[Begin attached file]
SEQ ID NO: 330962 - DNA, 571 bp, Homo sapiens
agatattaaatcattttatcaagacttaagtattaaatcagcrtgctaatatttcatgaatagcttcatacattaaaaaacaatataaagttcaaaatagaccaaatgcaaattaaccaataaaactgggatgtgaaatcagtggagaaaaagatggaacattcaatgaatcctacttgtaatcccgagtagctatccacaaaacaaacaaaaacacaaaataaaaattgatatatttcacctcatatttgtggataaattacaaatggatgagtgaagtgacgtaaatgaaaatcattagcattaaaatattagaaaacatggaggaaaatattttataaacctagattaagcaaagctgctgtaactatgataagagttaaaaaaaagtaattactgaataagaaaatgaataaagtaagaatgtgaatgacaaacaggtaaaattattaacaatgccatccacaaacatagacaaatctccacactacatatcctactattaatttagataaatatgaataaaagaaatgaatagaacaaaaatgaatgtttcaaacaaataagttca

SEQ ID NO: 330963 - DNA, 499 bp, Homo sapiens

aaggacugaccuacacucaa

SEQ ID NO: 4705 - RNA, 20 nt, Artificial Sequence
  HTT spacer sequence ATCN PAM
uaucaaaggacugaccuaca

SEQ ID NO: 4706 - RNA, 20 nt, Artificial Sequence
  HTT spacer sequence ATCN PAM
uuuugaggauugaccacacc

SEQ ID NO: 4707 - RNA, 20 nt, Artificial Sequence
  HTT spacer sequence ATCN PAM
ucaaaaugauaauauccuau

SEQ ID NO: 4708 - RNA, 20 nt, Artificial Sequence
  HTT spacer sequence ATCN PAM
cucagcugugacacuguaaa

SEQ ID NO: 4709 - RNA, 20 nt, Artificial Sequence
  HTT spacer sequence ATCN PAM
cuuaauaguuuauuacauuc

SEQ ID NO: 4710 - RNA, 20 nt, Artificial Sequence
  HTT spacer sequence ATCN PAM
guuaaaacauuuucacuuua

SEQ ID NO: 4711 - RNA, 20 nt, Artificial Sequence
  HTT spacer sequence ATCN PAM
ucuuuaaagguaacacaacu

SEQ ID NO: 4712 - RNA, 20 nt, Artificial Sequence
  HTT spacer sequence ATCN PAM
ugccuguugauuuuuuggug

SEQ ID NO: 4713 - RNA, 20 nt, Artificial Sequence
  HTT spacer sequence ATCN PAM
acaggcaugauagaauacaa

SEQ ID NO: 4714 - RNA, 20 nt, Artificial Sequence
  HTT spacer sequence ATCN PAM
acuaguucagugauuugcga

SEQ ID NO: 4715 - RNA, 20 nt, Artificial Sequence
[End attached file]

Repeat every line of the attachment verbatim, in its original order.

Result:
SEQ ID NO: 330962 - DNA, 571 bp, Homo sapiens
agatattaaatcattttatcaagacttaagtattaaatcagcrtgctaatatttcatgaatagcttcatacattaaaaaacaatataaagttcaaaatagaccaaatgcaaattaaccaataaaactgggatgtgaaatcagtggagaaaaagatggaacattcaatgaatcctacttgtaatcccgagtagctatccacaaaacaaacaaaaacacaaaataaaaattgatatatttcacctcatatttgtggataaattacaaatggatgagtgaagtgacgtaaatgaaaatcattagcattaaaatattagaaaacatggaggaaaatattttataaacctagattaagcaaagctgctgtaactatgataagagttaaaaaaaagtaattactgaataagaaaatgaataaagtaagaatgtgaatgacaaacaggtaaaattattaacaatgccatccacaaacatagacaaatctccacactacatatcctactattaatttagataaatatgaataaaagaaatgaatagaacaaaaatgaatgtttcaaacaaataagttca

SEQ ID NO: 330963 - DNA, 499 bp, Homo sapiens

aaggacugaccuacacucaa

SEQ ID NO: 4705 - RNA, 20 nt, Artificial Sequence
  HTT spacer sequence ATCN PAM
uaucaaaggacugaccuaca

SEQ ID NO: 4706 - RNA, 20 nt, Artificial Sequence
  HTT spacer sequence ATCN PAM
uuuugaggauugaccacacc

SEQ ID NO: 4707 - RNA, 20 nt, Artificial Sequence
  HTT spacer sequence ATCN PAM
ucaaaaugauaauauccuau

SEQ ID NO: 4708 - RNA, 20 nt, Artificial Sequence
  HTT spacer sequence ATCN PAM
cucagcugugacacuguaaa

SEQ ID NO: 4709 - RNA, 20 nt, Artificial Sequence
  HTT spacer sequence ATCN PAM
cuuaauaguuuauuacauuc

SEQ ID NO: 4710 - RNA, 20 nt, Artificial Sequence
  HTT spacer sequence ATCN PAM
guuaaaacauuuucacuuua

SEQ ID NO: 4711 - RNA, 20 nt, Artificial Sequence
  HTT spacer sequence ATCN PAM
ucuuuaaagguaacacaacu

SEQ ID NO: 4712 - RNA, 20 nt, Artificial Sequence
  HTT spacer sequence ATCN PAM
ugccuguugauuuuuuggug

SEQ ID NO: 4713 - RNA, 20 nt, Artificial Sequence
  HTT spacer sequence ATCN PAM
acaggcaugauagaauacaa

SEQ ID NO: 4714 - RNA, 20 nt, Artificial Sequence
  HTT spacer sequence ATCN PAM
acuaguucagugauuugcga

SEQ ID NO: 4715 - RNA, 20 nt, Artificial Sequence